No. 71 E.D. Appeal Docket, 1983, Appeal from Judgment of Sentence of the Court of Common Pleas of Lehigh County-Criminal entered January 23, 1981, to Nos. 1368, 1369 of 1978, affirmed by the Superior Court of Pennsylvania on May 6, 1983, to No. 465 Philadelphia, 1981, Pa. Super. ,
Roberts, C.j., and Nix, Larsen, Flaherty, McDermott, Hutchinson and Zappala, JJ. Nix and Zappala, JJ., file dissenting opinions.
On April 12, 1979 Appellant was convicted by a jury in the Court of Common Pleas of Lehigh County of second degree murder, burglary, theft by unlawful taking, receiving stolen property, and criminal conspiracy. Post trial motions were filed and denied, and appellant was sentenced to life imprisonment on the murder conviction and a consecutive term of two to seven years on the other convictions. Appeal was taken to Superior Court, 314 Pa. Super. 279, 460 A.2d 1139, which affirmed, and thereafter, petition for allowance of appeal to this Court was granted. We now affirm.
The facts of the case are that on November 9, 1978, two boys, Joseph Romeri, aged 16, and Michael Reinhard, aged 17, broke into the house of an 80 year old woman, Stella Bremmer. Appellant -- Romeri -- had been Mrs. Bremmer's paper boy and was her neighbor. Appellant's version of what transpired in the house is that after taking a small amount of money, the two discovered Mrs. Bremmer in bed in an upstairs bedroom and that Reinhard held her down while appellant struck her with something. Reinhard's version is that after entering the house, he waited in the kitchen while appellant explored the living room and then the second floor. After hearing muffled sounds upstairs, Reinhard went up to find appellant standing with a pipe in his hand next to Mrs. Bremmer's bed, where her bloody body lay. The two ran from the house and had a snack at a local store, then returned to the house to see if Mrs. Bremmer was dead. She was not, and after covering her body with a sheet -- according to Reinhard, while she continued to moan -- they took more money and left the house. Mrs. Bremmer subsequently died of the beating.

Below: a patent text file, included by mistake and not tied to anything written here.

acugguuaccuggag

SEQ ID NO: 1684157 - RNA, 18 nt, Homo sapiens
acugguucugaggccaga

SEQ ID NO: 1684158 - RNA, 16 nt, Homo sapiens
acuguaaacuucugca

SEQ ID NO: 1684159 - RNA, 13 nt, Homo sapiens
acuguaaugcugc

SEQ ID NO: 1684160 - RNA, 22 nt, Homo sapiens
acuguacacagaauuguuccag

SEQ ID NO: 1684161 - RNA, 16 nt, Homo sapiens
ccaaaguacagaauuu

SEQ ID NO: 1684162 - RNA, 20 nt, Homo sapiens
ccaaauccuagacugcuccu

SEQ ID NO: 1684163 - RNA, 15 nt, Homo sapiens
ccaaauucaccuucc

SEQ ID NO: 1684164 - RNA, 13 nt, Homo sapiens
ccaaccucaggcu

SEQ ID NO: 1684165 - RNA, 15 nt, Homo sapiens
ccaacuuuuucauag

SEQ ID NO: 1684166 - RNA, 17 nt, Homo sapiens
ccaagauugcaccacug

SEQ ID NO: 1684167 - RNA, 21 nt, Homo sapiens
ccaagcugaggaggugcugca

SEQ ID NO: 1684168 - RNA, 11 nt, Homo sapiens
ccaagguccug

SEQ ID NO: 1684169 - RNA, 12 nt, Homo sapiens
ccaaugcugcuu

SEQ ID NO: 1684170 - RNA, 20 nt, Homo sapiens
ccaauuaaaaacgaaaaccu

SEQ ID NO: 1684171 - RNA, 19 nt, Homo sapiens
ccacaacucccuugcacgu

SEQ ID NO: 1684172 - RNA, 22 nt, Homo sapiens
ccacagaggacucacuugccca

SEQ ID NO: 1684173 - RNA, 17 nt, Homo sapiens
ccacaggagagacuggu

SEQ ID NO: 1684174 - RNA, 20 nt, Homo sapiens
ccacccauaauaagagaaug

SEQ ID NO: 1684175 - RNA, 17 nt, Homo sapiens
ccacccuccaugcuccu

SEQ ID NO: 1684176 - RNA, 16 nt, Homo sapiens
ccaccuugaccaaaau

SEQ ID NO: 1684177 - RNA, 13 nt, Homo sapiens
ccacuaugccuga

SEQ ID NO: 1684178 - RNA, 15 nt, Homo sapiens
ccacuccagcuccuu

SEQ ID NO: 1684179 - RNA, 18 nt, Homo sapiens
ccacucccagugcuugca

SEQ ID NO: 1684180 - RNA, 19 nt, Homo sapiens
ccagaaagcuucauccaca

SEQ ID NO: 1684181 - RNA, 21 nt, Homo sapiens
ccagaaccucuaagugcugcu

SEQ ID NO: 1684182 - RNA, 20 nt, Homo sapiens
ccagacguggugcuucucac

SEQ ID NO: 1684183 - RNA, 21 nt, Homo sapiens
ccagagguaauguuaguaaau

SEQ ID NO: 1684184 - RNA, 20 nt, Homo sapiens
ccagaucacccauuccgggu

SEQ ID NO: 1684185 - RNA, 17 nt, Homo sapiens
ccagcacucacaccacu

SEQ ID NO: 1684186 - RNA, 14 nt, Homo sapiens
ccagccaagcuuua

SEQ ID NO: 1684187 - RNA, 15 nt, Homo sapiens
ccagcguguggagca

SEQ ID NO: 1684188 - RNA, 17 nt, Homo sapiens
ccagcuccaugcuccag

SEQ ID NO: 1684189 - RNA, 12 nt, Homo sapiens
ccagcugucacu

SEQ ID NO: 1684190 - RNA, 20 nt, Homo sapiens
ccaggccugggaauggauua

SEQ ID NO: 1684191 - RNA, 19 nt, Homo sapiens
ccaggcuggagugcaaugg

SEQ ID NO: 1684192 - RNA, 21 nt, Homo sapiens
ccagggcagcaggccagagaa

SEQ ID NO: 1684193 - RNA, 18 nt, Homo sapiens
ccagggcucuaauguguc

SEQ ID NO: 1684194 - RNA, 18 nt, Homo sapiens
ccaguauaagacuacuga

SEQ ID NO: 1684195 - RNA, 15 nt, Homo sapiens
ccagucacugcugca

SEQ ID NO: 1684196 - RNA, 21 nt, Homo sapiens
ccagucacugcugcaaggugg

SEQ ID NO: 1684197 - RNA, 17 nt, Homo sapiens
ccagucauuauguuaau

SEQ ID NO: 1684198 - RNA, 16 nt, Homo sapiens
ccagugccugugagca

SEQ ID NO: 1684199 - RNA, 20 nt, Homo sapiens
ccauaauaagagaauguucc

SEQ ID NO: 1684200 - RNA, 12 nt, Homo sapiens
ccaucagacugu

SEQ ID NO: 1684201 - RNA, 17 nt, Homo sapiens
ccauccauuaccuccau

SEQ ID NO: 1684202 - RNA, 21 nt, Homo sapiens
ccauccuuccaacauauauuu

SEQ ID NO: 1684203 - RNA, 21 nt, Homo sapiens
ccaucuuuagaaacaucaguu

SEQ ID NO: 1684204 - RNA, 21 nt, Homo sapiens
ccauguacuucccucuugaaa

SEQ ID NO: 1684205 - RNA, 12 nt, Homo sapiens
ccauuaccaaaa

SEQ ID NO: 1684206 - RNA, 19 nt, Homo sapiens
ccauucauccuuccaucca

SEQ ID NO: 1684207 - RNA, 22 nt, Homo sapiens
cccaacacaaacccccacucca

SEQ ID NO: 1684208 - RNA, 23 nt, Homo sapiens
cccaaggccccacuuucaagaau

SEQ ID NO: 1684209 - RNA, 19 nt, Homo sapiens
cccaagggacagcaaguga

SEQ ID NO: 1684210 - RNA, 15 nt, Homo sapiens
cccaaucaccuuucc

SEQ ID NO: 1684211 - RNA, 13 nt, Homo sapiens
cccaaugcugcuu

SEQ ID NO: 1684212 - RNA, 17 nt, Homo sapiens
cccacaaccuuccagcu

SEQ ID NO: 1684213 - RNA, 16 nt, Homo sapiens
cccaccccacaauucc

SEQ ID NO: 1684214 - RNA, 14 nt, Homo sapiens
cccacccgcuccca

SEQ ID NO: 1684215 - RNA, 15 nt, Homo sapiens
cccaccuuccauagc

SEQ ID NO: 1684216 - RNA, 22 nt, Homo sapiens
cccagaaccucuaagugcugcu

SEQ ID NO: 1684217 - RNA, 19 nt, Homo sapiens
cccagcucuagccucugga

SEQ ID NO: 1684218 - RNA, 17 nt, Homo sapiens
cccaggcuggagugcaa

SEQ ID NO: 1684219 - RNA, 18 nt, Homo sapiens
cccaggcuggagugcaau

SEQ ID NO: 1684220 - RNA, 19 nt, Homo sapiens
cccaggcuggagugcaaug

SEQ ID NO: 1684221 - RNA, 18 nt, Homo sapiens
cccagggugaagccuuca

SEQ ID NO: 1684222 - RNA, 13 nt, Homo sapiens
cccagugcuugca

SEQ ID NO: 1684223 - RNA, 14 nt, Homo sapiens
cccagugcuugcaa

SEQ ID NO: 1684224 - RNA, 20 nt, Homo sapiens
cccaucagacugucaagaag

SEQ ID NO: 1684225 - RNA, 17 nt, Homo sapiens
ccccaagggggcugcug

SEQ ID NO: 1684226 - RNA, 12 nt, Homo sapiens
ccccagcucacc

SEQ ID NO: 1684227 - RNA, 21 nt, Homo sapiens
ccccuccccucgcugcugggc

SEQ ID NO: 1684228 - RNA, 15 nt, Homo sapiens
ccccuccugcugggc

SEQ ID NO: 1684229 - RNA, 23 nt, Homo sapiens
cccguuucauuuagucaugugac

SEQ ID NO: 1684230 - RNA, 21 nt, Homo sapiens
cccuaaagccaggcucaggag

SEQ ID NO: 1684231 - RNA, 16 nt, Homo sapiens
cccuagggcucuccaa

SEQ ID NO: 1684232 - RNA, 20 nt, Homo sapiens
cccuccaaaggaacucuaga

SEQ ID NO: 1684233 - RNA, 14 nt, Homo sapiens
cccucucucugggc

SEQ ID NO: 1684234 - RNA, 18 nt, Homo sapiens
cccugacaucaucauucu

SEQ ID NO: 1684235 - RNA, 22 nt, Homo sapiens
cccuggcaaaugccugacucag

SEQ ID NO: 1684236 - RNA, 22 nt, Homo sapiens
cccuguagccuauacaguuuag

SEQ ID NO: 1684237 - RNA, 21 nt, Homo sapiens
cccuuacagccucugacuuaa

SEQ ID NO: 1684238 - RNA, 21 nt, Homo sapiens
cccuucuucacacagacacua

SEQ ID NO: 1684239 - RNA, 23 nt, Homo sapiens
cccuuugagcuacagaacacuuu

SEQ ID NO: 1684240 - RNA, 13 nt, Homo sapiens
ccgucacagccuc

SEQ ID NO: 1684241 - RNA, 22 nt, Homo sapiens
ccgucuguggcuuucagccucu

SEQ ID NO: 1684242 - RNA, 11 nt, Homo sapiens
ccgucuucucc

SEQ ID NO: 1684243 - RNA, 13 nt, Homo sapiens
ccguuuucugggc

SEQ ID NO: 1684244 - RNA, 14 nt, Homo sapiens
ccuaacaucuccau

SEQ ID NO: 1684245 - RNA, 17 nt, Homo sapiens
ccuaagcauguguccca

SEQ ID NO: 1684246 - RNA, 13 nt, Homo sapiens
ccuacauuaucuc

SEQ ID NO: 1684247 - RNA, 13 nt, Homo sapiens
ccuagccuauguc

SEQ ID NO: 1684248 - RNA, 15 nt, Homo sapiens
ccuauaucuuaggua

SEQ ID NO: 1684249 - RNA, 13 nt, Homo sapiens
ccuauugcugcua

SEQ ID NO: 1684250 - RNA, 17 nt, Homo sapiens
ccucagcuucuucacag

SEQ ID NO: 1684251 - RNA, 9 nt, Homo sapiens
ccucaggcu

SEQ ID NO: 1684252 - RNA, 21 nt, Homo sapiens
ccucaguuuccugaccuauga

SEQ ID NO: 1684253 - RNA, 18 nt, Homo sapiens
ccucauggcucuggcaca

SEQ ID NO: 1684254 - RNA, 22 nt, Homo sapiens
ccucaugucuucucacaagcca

On November 13, 1978 appellant was questioned by police and made a confession implicating Michael Reinhard. Reinhard then made a separate statement placing main responsibility for the murder on appellant. Thereafter, the Commonwealth
accepted Reinhard's plea to third degree murder in return for his testimony against appellant.
On March 20, 1979 pre-trial hearings were held on motions to transfer the Romeri and Reinhard cases to juvenile court, motion to suppress certain evidence, and motion for bail. Although counsel for appellant requested that a single hearing be held on the motions to suppress and transfer, the trial court elected to hold separate hearings on these motions, the hearing on the motion to transfer being public and the hearing on suppression matters being in camera. At the transfer hearing, the Commonwealth produced an inculpatory letter allegedly written by appellant. The letter stated, inter alia: "I have a chance of being found not guilty. That means I can get away with murder."
On March 29, 1979 the court denied both appellant's motion to transfer and the motion to suppress appellant's confession, and the court filed an opinion in the transfer matter. On April 2, 1979 the case was attached for jury trial and on that day a newspaper article appeared which reported on the court's opinion on the transfer motion. In pertinent part, the article stated: